The amphibious landing at Tarawa on 20 November, 1943 demonstrated a problem in our assault operations. Navy ships had bombarded the beaches prior to the landings, however, their large guns had a flat trajectory and were not as effective against the Japanese defenders as was desired. The lapse in time between the bombardment and the actual assault allowed the Japanese to regroup and our Marines were met with a murderous fire as they approached the beaches. Because of this, it was determined that close in fire support of the troops was necessary. As an experiment, a couple of LCI(L)s were retrofitted with additional guns and thus was born the LCI(L)(G). This conversion proved successful in subsequent landings at Cape Gloucester and additional LCI(L)s were converted with a variety of armaments. Thus the LCI(R), LCI(M), LCI(D) and other gunboats came into existence. The letters stood for guns, rockets, mortars or demolition.
As a result of the success with these vessels, a new gunboat was conceived. It was based on the hull of the LCI(L), but the entire superstructure was redesigned as well as the interior compartments. The George Lawley & Sons shipyard in Neponset, Massachusetts performed the design work and produced the first of the ships. They were designed for the purpose of providing close in fire support during assault landings and also for intercepting inter-island barge traffic. With their new armament, they were described as the most heavily armed gunboats in the war and some observers claimed that they had more firepower per ton than any ship in the Navy. Their bow gun was either a 3"50, a single 40mm or a twin 40mm. Number two and Number three guns were twin 40mm and they also mounted four 20mm cannons and four 50 caliber machine guns. Between the forward twin 40mm and the bow gun were ten Mark 7 rocket launchers.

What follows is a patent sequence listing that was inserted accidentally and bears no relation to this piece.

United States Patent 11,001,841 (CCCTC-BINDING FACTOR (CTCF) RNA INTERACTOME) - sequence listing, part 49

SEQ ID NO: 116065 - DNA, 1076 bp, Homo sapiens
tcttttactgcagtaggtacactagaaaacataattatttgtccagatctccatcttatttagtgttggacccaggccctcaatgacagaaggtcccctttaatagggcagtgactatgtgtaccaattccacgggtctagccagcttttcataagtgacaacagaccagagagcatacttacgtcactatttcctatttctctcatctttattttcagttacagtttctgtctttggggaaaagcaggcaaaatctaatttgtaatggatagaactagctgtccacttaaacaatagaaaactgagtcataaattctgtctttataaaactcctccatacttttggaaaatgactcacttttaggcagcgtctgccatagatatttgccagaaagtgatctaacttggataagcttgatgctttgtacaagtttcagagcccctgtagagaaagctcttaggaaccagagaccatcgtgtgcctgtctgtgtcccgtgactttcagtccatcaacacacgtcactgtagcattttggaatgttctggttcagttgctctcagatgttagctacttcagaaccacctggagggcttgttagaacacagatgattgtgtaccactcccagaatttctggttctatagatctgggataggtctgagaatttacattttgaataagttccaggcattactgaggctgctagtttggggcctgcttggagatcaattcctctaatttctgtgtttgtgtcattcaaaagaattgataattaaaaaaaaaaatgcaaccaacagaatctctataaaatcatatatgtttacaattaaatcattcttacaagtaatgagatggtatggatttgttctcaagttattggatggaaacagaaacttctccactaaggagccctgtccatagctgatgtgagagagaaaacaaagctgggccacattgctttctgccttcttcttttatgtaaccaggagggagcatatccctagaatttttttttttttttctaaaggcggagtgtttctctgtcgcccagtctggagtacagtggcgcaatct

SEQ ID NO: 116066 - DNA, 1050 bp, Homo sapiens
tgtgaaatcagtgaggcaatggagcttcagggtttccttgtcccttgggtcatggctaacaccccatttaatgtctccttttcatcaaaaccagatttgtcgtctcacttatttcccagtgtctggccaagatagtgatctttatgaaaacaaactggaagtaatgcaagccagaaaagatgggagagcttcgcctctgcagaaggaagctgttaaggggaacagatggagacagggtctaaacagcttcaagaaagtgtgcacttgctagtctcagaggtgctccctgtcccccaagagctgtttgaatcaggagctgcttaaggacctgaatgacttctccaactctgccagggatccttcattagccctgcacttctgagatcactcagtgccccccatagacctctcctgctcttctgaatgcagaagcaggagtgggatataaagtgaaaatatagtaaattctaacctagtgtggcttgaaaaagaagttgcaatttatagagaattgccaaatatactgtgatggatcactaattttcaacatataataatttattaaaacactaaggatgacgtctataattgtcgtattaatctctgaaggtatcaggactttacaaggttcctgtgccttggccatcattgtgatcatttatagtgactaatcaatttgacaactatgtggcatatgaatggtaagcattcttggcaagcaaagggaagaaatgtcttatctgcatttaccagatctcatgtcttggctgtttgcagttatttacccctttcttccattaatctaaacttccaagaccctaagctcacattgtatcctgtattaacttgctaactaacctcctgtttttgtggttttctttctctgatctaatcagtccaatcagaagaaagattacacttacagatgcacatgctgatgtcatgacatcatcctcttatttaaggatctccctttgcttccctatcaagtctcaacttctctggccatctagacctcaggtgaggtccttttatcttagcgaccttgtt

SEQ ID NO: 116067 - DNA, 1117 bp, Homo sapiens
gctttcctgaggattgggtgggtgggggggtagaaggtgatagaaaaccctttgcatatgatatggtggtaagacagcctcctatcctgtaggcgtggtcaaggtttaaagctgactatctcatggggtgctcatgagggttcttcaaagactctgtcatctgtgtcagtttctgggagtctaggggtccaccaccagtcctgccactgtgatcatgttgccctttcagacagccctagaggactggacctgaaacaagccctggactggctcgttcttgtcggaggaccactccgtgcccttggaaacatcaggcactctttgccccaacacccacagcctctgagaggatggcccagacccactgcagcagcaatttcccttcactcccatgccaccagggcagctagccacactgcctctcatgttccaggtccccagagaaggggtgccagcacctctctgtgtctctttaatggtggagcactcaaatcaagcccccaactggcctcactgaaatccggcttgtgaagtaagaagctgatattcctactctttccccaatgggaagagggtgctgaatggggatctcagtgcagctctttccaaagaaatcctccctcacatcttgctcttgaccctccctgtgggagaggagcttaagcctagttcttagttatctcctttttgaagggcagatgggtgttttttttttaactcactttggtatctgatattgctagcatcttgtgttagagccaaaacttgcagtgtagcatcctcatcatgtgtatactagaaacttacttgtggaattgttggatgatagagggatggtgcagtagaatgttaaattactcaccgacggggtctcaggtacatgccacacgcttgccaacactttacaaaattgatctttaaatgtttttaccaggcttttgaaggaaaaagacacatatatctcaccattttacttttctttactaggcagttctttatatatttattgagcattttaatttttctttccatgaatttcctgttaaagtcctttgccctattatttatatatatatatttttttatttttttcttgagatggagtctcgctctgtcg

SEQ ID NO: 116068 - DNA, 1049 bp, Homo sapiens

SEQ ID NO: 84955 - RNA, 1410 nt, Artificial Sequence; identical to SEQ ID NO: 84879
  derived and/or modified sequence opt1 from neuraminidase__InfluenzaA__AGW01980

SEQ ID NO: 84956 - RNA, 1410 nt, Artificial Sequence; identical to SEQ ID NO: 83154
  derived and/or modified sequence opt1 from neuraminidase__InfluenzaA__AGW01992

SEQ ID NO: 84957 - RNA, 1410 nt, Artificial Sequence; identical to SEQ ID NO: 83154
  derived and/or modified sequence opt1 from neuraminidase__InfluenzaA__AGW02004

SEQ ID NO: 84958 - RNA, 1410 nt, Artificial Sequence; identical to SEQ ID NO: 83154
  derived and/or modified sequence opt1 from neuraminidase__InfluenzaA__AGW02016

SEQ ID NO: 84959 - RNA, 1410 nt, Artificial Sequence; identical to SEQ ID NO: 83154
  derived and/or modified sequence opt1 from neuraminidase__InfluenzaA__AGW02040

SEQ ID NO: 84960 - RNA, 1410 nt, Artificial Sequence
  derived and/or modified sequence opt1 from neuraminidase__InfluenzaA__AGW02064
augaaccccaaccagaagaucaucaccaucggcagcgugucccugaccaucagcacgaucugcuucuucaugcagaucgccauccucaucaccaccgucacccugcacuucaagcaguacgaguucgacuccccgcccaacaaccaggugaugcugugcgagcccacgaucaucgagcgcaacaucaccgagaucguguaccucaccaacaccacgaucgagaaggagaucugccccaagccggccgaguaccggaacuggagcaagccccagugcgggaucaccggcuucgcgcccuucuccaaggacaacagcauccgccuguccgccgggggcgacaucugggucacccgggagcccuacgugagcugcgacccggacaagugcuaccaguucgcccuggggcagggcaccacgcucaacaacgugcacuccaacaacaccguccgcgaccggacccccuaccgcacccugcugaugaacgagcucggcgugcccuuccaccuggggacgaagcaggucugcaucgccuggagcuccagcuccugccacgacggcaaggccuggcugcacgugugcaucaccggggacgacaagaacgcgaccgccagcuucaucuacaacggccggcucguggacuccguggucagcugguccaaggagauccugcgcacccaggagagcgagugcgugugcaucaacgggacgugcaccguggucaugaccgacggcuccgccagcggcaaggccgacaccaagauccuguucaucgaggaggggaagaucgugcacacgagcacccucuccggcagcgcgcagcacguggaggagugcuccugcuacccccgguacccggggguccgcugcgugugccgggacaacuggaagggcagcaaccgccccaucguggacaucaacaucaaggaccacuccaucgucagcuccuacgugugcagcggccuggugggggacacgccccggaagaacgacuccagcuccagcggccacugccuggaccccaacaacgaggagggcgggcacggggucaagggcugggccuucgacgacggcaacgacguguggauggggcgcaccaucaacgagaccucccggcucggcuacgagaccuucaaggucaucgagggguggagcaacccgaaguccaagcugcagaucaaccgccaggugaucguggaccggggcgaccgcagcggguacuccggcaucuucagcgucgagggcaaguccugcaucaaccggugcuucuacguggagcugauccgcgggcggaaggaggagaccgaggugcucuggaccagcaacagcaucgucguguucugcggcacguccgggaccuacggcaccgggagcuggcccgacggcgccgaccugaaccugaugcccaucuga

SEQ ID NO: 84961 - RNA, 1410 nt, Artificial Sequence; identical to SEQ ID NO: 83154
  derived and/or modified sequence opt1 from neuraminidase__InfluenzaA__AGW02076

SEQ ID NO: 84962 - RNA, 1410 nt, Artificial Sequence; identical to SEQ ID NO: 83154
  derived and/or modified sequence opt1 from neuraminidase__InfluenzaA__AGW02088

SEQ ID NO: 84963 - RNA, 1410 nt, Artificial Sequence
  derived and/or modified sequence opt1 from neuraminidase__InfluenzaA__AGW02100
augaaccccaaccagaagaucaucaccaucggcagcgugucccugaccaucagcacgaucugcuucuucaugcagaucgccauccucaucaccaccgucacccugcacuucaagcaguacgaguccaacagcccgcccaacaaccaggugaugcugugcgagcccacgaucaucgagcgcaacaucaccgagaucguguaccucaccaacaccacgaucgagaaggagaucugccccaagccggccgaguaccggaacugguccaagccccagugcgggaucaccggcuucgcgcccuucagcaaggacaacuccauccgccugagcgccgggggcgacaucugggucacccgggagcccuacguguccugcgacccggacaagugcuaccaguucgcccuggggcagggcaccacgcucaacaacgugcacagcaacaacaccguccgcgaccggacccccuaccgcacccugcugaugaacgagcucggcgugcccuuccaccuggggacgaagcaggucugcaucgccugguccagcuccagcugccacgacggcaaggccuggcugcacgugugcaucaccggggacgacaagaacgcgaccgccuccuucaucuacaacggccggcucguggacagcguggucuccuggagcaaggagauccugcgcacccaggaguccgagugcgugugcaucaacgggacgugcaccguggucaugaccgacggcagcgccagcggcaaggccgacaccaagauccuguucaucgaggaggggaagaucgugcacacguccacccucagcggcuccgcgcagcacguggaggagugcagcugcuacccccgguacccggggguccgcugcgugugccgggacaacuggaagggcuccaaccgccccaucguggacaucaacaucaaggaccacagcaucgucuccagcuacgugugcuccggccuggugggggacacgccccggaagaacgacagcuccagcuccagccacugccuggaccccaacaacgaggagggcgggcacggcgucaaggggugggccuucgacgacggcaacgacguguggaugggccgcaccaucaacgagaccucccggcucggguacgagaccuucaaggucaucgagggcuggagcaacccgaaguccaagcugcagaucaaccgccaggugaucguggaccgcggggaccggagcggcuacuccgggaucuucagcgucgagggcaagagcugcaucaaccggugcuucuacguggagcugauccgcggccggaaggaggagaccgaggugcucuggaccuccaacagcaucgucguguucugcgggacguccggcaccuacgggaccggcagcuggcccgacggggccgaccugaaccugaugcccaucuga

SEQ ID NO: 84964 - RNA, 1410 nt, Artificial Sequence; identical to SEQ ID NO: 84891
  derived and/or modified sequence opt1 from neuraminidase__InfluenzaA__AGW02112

These vessels were usually the lead ships in the assault. Attacking the beach in a line, they usually made three runs on the beach, firing rocket barrages at 1000, 800 and 500 yards. After the last rocket round, they opened up with the bow guns and when a few hundred yards off the beach turned and ran broadside, firing on targets of opportunity. On the third run they were followed by the landing craft. As they approached the shore, they would slow down as the landing craft passed through their lines and hit the beach. The LCS(L) ships remained close inshore, providing fire support for the troops.
At Okinawa, the ships had additional duties, screening the anchorages for suicide boats and offshore intercepting kamikazes while on radar picket duty. The ships also had excellent fire-fighting equipment and were able to aid other vessels which had been damaged by enemy action.
In all, 130 of the ships were built by George Lawley & Sons, Neponset, Massachusetts, Albina Engine and Machine Works and Commercial Iron Works. The last two yards were located in Portland, Oregon. In 1949, the LCS(L)(3)s still in the U.S. Navy's inventory were re-designated as Landing Ship Support Large (LSSL). Beginning in 1952, many of the ships were transferred to allies, with 53 going to the Japan Maritime Self-Defense Force and still others to France for use in Vietnam. One ship, the Nakkha (ex LCS(L) 102), remains in active service with the Thai Navy. The National Association of USS LCS(L) 1-130, a veteran's group of World War II Navy men, has been campaigning actively for her return and use as a museum. - Robin L. Rielly